For reasons I can’t begin to justify or explain, I stayed up incredibly late last night to write a column — and I wound up watching all twenty episodes of the WB’s new web series Rockville, CA. Wow. That’s really embarrassing. I had intended to write a post detailing my thoughts and impressions of the series, which follows the Moonlighting romance of two tiresome dorks. I’m happy to report that Ryan Hansen, best known as Dick Casablancas on Veronica Mars, plays a character known as “The Douche.” Hansen also appears in the mildly disappointing Party Down, which also stars Freaks and Geeks alumna Lizzy Caplan — who has, by the way, become quite beautiful — and he was slated to appear in the short-lived Gossip Girl spin-off based on the early life of Lily van der Woodson. So clearly he’s doing well, which is excellent news.
My favorite character on Rockville, CA is definitely Jelly Howie’s Callie, a server from Ottawa who is really given short shrift on the show. One gets the impression that she’s a little dim relative to Hunter and Deb, the romantic leads, both of whom are begging to be murdered by mallet. And I don’t buy it. Callie is socially perceptive in a way that suggests keen intelligence, at least to me, and my guess is that her failure to “get” Hunter’s pop riffs is a mark of different interests — e.g., perhaps she’s an expert on modern English poetry or horror films or the sale and manufacture of atomic weapons.
The Deb character is in some respects the greatest disappointment, as she has potential. The figure of the smart and charismatic woman who is short of stunningly gorgeous but profoundly rad is a vitally important figure in our culture. I’d submit that this figure is the glue that holds our civilization together. The trouble is that the actor who portrays Deb, Alexandra Chando, doesn’t properly convey real wit and sparkiness. Hunter is less disappointing because, frankly, men of that ilk are invariably horrible, and Andrew J. West does a good job of getting that across, if only unintentionally. Syd, the male counterpart to Callie, is supposed to be a himbo boob. He’s a crudely drawn stereotype.
But boy, the Rockville, CA concept has tremendous potential. Divey live music venues collect all kinds of characters, and it’s easy to imagine a much sharper, smarter version of the show, ideally one with a little more diversity. This might strike you as a tiresome objection, but my sense is that the indie rock landscape of Los Angeles includes more than a few blipsters and Latinos — heirs of the Morrissey/New Wave enthusiasts — and Asians and Hapas. The lack of diversity is a strike against the show’s realism, but also against its aesthetic interestingness, which is all I care about, honestly. Realism is for the birds. Make it aesthetically interesting and I don’t care if alligators in diapers devour one of the protagonists and then poop diamonds.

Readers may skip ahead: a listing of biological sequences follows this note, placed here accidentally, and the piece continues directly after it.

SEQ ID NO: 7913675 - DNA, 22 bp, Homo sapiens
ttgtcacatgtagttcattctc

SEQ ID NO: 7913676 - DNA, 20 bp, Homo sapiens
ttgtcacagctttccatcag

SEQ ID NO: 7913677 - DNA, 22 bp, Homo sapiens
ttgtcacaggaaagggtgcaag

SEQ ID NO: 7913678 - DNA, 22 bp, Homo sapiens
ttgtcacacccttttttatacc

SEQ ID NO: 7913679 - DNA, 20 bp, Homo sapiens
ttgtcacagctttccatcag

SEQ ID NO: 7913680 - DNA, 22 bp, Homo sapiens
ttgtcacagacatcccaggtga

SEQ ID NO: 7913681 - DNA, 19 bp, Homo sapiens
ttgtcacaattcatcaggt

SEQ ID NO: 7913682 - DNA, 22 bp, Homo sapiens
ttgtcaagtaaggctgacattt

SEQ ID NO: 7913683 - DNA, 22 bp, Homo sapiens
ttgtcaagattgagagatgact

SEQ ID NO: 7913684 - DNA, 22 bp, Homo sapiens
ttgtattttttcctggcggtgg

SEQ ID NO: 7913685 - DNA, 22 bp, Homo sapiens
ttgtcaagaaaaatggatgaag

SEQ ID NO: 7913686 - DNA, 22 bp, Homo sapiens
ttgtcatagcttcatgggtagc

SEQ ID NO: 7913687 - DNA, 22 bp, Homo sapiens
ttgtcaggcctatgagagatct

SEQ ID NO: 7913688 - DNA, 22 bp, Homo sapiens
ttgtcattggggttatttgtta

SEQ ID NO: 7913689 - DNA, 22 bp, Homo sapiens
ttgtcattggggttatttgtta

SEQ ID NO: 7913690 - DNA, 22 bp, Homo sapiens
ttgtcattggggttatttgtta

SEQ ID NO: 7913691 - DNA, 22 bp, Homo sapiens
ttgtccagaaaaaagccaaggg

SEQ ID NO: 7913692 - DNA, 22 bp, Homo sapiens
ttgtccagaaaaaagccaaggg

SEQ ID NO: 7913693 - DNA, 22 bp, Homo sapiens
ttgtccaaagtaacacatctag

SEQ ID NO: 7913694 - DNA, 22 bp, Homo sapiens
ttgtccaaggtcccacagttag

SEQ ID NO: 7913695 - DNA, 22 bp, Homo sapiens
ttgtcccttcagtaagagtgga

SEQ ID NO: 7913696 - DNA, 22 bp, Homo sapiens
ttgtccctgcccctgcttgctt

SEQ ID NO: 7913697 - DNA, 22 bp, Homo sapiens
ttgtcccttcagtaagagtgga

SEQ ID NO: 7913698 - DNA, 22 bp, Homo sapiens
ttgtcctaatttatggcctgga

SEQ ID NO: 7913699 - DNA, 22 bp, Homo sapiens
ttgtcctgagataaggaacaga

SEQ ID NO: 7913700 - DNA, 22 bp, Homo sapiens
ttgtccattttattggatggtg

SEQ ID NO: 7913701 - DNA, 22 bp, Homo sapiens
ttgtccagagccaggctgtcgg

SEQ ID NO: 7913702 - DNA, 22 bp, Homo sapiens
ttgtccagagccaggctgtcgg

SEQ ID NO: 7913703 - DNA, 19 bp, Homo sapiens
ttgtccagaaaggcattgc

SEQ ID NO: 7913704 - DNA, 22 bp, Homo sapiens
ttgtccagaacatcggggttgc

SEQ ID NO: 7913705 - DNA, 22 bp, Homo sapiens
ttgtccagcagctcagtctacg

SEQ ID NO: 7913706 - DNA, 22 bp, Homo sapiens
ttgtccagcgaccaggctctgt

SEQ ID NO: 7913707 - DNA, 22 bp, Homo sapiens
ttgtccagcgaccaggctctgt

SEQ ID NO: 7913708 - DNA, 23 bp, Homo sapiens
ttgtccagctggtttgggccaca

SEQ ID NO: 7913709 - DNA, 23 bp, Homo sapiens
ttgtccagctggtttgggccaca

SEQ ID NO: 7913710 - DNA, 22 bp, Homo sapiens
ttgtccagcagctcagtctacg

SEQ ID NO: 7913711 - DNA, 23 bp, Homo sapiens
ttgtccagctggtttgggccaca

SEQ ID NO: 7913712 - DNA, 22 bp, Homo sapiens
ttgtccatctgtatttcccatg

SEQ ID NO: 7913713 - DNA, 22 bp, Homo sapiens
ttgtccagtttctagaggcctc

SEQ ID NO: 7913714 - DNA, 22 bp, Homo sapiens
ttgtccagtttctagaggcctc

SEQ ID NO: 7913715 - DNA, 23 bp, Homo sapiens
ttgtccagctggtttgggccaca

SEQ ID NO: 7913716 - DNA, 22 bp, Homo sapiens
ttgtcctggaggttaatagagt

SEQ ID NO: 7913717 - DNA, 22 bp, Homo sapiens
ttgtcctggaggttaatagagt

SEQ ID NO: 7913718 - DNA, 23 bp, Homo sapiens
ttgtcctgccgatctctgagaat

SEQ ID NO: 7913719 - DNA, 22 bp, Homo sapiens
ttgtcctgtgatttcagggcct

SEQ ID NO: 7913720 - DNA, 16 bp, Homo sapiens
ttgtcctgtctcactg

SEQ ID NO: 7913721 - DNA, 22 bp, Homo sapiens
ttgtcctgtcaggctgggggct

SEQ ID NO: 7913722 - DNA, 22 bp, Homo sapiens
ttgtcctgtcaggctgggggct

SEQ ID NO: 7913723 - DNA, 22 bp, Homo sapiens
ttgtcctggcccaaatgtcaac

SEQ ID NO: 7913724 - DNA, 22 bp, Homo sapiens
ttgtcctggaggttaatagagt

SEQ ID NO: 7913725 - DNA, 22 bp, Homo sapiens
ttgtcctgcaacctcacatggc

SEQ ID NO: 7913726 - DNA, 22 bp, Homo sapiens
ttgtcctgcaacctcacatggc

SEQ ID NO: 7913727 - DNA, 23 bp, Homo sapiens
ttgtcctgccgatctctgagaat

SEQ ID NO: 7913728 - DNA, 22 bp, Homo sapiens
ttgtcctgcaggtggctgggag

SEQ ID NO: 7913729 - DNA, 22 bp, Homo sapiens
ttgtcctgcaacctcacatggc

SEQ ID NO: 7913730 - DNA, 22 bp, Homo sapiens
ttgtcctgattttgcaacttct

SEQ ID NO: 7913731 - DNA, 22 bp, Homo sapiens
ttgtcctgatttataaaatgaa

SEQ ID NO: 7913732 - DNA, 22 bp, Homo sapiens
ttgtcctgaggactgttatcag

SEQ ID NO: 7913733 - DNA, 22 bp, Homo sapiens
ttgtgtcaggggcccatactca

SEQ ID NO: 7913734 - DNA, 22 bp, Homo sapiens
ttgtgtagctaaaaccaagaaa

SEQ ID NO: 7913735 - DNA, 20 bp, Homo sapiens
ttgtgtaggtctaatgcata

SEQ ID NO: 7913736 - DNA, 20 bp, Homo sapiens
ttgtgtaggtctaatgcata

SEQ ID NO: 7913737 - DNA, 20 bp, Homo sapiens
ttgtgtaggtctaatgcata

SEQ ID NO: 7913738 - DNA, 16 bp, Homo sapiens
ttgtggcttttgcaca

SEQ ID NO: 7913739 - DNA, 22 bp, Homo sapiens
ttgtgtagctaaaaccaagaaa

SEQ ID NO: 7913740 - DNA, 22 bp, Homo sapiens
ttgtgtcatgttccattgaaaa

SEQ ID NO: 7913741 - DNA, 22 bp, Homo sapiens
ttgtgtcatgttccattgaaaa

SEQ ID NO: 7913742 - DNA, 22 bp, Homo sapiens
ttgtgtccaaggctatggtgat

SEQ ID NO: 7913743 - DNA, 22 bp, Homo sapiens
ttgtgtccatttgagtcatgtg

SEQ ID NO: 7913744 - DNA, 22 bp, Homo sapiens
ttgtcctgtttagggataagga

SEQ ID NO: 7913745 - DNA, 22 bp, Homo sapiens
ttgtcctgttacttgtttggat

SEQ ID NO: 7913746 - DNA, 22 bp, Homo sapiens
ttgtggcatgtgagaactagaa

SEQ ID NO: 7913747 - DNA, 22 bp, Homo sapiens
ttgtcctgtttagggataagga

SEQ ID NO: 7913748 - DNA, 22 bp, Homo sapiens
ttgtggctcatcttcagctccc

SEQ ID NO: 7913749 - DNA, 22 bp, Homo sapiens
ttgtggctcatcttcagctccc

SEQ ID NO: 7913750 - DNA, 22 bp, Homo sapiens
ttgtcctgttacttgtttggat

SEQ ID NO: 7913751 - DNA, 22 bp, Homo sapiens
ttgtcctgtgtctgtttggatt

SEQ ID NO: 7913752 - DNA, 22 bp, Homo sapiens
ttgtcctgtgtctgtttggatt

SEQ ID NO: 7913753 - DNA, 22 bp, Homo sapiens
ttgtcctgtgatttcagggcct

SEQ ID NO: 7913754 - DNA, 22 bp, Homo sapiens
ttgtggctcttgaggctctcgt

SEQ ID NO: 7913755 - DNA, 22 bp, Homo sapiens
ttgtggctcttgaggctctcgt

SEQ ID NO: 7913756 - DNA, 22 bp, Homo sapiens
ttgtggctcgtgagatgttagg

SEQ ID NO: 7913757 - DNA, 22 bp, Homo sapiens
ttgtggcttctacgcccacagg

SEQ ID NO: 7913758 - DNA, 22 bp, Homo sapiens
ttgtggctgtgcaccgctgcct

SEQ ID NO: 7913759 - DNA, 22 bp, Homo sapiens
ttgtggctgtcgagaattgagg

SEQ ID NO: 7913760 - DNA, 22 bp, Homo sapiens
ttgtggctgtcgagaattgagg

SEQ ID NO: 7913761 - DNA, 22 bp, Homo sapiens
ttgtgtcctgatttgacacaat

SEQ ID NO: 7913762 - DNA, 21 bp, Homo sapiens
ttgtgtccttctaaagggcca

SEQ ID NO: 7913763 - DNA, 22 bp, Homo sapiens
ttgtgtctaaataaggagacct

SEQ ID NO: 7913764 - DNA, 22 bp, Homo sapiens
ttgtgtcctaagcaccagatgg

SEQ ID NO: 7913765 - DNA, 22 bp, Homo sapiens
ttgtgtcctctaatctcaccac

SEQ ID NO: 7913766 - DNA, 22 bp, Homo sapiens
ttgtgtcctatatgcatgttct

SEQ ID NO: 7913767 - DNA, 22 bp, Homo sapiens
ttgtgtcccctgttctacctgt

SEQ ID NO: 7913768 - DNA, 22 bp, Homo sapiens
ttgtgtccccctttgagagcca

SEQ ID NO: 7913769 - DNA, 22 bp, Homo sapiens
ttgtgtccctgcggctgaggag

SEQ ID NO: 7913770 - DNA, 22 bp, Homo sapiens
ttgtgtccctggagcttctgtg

Also, the bands can and should be deployed more effectively. Given financial constraints, 6-7 minute segments and modest production values make sense. I get the reasoning behind placing the live acts in the background. But choreographing the dialogue a little more tightly with the sets — at least once in a while — would be powerfully effective. (You know what was a great show? Soul Train.)
It occurs to me that there is a generational dimension that I might be missing. Hunter is young and very insecure, and that contributes to his twerpishness. Shouldn’t he have some redeeming qualities, though? As for Deb, she sneers at Callie — really, really sneers — yet she doesn’t come across as particularly winning or bright. Glasses aren’t enough.
Granted, writing this kind of thing is much, much harder than it looks. I am dead certain that there are vastly superior drafts of these scripts that were passed over or mangled beyond recognition. And as in The TV Set, I sense that Chando was not the first casting choice of the show’s creators.
Movie I’d like to see: a modern-day version of That Thing You Do! featuring a band of pan-ethnic indie rockers, half-working-class and half-RISD students. The lead singer quits the band to become an inner-city middle school teacher, and he’s replaced by an intense, manic, deranged woman from the wrong side of the tracks. She complicates the band in a good way. The band blows up. They sound a lot like The Affair, but crazier. Then it dissolves because the band members basically decides that they don’t really want to make money; rather, they want to fade into obscurity and make really difficult, demanding music that no sane person wants to hear. And it’s a happy ending!
P.S. I edited this post to remove an unintentionally mean-spirited remark.